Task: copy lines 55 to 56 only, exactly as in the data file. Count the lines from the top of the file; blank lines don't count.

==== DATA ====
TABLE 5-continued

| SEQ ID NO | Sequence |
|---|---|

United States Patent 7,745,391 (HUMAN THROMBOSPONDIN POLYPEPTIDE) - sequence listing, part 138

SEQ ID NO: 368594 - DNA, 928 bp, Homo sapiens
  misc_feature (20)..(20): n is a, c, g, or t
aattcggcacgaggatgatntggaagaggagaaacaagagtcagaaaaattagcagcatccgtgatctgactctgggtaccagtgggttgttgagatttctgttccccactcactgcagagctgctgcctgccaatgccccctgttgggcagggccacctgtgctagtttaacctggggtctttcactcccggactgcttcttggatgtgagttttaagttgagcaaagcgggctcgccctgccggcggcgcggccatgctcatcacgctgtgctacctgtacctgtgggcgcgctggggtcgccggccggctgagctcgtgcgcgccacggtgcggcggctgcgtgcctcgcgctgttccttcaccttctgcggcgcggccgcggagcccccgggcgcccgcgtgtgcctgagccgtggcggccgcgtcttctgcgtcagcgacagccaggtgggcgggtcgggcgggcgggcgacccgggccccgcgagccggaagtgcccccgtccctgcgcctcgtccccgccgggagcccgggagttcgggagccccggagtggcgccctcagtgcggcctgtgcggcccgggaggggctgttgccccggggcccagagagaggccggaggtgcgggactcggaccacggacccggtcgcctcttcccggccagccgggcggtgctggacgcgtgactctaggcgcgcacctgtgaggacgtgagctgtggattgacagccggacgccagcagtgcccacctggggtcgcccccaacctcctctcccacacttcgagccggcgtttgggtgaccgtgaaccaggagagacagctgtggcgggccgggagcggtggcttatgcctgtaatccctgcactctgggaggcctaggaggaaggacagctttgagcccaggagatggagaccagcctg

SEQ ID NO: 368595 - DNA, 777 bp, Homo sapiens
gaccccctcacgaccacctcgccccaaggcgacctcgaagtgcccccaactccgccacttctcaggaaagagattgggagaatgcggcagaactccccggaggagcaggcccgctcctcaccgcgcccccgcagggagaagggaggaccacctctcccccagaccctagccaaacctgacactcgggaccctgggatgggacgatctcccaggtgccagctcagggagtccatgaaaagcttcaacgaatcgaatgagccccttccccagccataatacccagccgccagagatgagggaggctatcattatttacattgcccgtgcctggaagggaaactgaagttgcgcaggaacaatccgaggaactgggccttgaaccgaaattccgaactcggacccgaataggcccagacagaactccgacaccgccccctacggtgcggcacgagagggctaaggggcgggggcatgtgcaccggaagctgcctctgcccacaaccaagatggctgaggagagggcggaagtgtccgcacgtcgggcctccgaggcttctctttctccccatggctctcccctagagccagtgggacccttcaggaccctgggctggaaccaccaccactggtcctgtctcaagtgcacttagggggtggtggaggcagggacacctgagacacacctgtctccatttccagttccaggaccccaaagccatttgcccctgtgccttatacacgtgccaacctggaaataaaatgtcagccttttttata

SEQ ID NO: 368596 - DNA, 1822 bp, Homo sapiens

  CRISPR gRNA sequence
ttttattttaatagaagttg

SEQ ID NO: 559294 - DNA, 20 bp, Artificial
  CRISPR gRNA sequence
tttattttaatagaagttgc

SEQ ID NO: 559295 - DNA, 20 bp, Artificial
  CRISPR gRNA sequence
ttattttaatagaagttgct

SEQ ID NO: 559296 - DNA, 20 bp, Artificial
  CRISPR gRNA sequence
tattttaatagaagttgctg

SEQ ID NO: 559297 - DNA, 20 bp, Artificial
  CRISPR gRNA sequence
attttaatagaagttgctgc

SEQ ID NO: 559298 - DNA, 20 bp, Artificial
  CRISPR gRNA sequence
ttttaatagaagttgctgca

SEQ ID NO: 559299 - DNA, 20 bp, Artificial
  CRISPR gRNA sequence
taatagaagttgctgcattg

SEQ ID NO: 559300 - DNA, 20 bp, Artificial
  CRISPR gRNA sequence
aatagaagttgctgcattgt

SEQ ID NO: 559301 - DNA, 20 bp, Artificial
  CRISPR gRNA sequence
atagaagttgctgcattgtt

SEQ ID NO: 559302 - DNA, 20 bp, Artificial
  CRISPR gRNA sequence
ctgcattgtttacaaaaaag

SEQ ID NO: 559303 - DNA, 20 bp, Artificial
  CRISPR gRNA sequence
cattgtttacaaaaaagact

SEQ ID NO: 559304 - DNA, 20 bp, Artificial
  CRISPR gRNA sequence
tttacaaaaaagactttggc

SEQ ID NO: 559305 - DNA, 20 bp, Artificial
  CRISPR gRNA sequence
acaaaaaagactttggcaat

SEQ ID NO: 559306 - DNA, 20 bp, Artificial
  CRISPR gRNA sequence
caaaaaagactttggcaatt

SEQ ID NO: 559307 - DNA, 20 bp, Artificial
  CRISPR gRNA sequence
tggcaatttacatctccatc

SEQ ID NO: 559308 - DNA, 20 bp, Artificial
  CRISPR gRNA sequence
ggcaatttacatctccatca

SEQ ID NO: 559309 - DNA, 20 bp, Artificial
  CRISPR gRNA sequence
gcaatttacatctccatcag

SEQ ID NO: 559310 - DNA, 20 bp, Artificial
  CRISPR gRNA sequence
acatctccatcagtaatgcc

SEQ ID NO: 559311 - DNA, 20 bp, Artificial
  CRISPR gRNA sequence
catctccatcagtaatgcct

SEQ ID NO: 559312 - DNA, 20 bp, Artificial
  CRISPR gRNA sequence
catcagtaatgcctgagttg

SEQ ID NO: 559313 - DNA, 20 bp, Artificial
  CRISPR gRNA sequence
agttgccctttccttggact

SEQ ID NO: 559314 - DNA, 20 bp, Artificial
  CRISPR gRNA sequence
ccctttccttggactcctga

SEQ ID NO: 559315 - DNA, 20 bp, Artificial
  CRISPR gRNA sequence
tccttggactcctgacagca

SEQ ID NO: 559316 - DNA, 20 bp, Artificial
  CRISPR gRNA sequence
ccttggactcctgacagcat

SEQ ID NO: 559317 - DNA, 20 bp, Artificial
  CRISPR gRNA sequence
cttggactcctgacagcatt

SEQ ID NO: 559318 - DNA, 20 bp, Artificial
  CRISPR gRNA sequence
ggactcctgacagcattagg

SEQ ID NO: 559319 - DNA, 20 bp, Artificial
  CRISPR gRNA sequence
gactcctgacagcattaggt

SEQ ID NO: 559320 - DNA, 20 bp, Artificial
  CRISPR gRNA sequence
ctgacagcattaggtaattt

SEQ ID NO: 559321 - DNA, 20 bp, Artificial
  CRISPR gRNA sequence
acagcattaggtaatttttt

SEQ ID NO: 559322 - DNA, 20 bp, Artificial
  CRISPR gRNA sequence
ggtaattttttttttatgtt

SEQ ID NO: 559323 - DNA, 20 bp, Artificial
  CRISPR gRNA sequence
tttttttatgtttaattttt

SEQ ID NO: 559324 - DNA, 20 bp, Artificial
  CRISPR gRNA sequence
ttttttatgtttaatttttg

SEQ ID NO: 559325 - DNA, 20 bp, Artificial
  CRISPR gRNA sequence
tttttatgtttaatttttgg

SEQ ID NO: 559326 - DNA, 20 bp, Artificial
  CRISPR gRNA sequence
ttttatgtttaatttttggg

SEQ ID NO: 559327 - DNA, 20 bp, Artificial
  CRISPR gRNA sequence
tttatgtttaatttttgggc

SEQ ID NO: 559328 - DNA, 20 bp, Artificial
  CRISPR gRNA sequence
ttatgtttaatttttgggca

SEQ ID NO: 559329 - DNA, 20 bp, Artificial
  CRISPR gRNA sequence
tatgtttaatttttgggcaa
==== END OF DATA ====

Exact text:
SEQ ID NO: 559308 - DNA, 20 bp, Artificial
  CRISPR gRNA sequence